So what about WEIS? I attended because of the "big brains" in the audience. Seriously, how often do you get Dan Geer, Ross Anderson, Whit Diffie, Bruce Schneier, Hal Varian, etc., in the same room? I should have taken a picture. Dumb security groupie.
I'll share a few thoughts.
- Tracey Vispoli from Chubb Insurance spoke about cyber insurance. Wow, what an interesting perspective. She said the industry has "no expected loss data" and "no financial impact data." Put that in your pipe and smoke it, Annualized Loss Expectancy (ALE) fans! So how does Chubb price risk without any data, in order to sell polcies? Easy -- price them high and see what happens. This is what the industry did when legislators started creating laws on employment discrimination. Companies wanted insurance, so the industry made them pay through the nose. Later, to compete, insurers dropped rates -- but too low. When they started losing money they jacked up the rates again. Eventually insurers have some data, but only after years of offering a service in the marketplace. That floored me but it makes sense now.
- Again on insurance, Tracey said the industry insures for incidents whose impact can be concretely and quickly measured. What does that mean? Insurance against economic espionage, national security incidents, and related events is unlikely because you can't really measure the impact, at least in the short term!
- After spending two days with academics, I'd like to add to Allan Schiffman's famous phrase "Amateurs study cryptography; professionals study economics":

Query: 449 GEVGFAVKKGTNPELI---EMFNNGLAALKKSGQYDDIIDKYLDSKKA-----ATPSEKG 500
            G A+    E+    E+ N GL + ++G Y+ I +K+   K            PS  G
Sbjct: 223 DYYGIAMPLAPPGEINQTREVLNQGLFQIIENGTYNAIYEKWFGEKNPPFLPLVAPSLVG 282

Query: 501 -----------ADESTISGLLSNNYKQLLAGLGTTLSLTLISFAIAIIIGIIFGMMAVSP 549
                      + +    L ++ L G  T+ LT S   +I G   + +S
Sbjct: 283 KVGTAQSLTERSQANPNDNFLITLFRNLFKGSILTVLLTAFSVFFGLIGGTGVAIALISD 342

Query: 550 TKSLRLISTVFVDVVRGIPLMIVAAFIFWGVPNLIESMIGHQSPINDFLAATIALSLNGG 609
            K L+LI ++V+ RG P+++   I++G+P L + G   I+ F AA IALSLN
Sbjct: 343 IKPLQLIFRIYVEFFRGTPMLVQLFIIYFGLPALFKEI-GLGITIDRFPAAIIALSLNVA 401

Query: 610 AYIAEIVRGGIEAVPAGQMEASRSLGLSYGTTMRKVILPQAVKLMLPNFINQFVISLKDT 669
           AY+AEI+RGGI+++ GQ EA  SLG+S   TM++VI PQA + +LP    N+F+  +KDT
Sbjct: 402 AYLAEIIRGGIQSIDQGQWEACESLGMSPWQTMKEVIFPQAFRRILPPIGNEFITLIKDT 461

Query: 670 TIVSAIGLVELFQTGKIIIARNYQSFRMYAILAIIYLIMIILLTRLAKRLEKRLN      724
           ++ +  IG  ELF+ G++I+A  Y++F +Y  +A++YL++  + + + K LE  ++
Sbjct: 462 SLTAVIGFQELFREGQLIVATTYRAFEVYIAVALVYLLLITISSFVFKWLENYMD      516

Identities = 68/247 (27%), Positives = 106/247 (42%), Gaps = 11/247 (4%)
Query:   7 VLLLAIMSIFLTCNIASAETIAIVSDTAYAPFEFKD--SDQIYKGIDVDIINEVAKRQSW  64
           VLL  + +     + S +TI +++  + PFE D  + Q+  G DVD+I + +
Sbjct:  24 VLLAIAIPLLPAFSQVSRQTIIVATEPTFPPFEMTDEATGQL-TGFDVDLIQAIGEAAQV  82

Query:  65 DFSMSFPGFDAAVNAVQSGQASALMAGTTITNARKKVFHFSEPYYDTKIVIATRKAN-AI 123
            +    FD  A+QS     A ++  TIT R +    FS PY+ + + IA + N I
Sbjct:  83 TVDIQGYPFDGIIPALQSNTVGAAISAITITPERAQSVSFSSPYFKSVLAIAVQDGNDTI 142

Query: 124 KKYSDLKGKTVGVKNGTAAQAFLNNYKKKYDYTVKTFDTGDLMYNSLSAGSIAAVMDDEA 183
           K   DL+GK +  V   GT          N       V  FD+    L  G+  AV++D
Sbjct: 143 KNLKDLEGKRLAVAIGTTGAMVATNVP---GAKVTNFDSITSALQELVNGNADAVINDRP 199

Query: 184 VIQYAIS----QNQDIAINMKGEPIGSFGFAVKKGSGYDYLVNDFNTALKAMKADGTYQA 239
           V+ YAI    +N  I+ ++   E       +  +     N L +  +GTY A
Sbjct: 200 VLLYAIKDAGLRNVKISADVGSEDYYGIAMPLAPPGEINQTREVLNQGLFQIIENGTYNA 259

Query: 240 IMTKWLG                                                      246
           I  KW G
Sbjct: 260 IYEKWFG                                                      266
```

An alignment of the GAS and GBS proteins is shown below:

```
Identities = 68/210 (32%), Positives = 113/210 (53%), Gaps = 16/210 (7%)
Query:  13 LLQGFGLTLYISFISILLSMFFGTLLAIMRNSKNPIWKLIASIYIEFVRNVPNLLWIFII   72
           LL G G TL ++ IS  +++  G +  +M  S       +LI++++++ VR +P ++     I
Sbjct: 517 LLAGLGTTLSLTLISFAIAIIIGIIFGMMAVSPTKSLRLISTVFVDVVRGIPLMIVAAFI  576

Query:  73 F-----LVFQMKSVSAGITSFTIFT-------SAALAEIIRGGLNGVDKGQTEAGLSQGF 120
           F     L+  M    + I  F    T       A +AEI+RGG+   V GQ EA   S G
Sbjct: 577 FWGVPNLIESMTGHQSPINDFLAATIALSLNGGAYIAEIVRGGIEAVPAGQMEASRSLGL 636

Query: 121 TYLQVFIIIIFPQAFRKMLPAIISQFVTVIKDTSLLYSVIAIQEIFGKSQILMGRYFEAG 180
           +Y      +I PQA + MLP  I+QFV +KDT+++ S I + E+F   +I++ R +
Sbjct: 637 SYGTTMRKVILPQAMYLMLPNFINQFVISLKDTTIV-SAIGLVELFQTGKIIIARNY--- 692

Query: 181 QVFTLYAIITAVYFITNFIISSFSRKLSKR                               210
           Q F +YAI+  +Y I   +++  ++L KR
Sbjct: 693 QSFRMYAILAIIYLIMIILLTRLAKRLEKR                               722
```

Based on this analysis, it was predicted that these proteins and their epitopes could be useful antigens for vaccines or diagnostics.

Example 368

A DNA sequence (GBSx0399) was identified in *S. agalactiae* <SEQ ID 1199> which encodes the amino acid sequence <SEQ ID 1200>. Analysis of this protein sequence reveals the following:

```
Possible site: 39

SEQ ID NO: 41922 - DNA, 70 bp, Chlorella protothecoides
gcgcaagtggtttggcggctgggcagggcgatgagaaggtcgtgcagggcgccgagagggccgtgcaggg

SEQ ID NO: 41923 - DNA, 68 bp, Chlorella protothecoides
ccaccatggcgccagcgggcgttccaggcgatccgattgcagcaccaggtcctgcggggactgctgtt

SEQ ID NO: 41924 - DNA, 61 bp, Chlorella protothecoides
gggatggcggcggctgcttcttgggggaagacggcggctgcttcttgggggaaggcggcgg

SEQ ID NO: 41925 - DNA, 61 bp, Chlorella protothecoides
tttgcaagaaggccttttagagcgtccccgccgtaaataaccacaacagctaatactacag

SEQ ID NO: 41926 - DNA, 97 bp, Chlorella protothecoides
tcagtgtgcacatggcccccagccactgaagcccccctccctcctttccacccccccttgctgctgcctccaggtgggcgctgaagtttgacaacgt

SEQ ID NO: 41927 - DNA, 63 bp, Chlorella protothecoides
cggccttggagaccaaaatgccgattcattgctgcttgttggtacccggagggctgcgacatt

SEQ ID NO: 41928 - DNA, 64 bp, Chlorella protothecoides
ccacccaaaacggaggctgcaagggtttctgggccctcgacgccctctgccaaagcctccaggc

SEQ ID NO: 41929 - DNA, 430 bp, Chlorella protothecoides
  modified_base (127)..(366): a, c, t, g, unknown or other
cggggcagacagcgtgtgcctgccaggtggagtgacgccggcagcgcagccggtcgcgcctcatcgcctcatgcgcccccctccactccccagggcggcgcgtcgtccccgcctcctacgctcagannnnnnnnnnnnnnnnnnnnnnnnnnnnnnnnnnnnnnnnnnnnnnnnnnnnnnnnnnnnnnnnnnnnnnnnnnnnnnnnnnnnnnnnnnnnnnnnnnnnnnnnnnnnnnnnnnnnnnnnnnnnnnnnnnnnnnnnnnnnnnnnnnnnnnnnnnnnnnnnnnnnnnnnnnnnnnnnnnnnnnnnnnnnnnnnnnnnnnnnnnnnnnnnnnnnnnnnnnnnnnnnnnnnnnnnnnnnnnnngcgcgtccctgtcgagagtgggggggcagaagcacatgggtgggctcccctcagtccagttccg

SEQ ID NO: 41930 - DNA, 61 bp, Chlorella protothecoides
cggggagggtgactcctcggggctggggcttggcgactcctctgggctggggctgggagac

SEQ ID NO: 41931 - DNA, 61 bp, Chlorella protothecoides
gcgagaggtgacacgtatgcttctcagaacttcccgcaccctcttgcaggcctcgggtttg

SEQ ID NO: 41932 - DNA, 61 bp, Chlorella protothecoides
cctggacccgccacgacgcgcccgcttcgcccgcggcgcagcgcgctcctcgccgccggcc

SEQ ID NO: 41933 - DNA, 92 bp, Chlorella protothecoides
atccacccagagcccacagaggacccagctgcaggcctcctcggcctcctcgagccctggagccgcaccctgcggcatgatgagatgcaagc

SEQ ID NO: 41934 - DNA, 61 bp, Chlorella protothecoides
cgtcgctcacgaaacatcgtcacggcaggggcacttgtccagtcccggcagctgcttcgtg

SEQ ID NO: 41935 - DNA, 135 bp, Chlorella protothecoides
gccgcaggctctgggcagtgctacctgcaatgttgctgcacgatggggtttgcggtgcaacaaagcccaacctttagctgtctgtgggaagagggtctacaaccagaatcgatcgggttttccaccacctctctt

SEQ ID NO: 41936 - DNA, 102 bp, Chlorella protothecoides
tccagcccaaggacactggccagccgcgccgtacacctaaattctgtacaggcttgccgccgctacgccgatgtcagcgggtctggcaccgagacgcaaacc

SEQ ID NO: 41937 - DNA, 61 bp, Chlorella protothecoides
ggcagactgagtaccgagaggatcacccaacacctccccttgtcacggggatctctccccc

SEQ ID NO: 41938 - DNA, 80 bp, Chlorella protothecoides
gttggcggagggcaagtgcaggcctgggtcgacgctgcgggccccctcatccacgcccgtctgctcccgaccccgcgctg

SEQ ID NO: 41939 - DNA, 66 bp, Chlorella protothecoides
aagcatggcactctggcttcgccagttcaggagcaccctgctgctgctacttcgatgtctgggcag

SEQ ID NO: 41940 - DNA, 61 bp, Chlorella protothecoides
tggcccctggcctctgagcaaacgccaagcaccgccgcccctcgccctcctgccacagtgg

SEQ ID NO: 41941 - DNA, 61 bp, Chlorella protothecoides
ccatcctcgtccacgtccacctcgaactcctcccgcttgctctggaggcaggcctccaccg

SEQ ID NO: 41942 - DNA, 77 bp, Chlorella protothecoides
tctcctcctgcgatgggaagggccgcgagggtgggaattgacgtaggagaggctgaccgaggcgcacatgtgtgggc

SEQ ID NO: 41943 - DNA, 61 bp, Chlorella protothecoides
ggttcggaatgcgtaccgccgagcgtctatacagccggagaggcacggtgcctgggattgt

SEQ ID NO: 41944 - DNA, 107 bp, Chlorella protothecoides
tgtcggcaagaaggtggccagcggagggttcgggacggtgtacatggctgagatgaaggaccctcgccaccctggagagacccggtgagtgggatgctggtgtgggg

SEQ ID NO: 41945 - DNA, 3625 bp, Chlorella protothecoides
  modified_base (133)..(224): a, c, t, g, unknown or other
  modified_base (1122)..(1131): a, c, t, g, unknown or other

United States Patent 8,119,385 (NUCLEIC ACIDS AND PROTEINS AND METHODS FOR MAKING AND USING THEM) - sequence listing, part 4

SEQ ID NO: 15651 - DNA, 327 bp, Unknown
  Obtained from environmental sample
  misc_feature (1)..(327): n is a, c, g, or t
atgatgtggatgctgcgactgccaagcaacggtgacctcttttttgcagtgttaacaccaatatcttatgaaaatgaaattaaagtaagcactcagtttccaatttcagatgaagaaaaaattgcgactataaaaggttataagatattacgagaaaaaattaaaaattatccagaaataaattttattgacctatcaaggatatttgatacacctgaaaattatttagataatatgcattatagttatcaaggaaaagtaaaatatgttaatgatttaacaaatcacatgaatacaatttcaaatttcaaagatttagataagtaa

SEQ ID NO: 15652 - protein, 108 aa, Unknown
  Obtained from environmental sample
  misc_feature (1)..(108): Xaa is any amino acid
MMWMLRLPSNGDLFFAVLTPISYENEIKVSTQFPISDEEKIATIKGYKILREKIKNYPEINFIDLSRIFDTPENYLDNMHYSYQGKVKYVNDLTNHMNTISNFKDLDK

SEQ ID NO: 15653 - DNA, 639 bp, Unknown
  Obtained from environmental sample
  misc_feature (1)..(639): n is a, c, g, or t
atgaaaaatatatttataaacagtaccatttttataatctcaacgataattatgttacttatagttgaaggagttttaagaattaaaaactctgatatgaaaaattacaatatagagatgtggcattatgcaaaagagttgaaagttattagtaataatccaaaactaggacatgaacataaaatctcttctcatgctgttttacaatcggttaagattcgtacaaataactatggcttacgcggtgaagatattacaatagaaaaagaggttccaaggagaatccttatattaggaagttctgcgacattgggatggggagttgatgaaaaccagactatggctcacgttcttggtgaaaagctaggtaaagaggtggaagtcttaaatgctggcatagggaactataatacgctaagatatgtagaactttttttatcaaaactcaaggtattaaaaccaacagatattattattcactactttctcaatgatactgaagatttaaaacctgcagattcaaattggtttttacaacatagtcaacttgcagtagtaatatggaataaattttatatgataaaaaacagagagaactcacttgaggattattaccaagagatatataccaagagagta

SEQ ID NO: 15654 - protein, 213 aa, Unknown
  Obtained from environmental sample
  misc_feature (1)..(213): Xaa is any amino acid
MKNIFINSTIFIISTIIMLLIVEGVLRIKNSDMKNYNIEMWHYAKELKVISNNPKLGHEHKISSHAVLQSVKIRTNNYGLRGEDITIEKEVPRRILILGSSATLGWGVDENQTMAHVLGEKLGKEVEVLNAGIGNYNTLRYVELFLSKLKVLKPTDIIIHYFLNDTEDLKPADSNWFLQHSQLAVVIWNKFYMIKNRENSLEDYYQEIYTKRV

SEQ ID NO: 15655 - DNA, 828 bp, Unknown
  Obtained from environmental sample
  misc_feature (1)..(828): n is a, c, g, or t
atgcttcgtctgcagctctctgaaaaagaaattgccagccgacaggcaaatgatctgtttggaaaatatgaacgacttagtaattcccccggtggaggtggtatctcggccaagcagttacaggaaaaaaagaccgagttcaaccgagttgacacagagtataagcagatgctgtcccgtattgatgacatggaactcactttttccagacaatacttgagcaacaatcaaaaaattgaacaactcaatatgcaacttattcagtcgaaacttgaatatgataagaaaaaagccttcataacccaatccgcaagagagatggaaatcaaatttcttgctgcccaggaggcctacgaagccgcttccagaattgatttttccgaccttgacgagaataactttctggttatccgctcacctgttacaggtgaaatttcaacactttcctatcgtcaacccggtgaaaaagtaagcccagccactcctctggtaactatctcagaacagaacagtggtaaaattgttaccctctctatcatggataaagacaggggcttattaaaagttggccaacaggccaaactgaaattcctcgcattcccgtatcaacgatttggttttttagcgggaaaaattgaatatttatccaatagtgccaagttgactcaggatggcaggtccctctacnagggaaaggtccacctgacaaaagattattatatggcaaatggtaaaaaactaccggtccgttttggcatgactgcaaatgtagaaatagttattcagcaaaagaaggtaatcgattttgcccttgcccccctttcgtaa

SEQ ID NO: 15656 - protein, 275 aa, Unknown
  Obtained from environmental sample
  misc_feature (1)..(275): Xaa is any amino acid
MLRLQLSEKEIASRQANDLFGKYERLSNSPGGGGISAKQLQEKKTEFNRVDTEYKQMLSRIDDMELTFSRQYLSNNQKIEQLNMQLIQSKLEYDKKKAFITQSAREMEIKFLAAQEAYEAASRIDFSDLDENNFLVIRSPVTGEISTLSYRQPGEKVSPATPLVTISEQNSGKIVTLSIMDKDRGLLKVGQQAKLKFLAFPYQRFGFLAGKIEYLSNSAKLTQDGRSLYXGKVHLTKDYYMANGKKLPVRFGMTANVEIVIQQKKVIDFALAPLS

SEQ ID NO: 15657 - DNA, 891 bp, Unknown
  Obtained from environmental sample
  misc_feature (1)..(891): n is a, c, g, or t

Amateurs study cryptography; professionals study economics. Operators work in the real world.
Seriously, I think economics will help mitigate many security problems, but some researchers need to visit living, breathing enterprise environments before publishing papers. I won't name names, but if you're writing a paper that relies on raw IDS alerts to measure "attacks on open source software," you need to spend some time in a SOC or CIRT to see what analysts think of that kind of "evidence."
- It seems researchers have a suit of academic tools (math, statistics, functions, models, game theory, simulations, previous research, etc.) and they look for data to which they can apply those tools. They formulate a hypothesis, and at that point the applicability of the approach is probably out the window. Very quickly in several talks I noticed that the topic at hand was implementation of an analytical technique, with the underlying problem somewhere several slides back. This seemed a little weird, but it makes sense in the context of researchers doing what they know how to do -- identify an issue, develop a hypothesis, collect data, etc.
Overall I found the experience very interesting, but I'm not sure if I will try to return next year.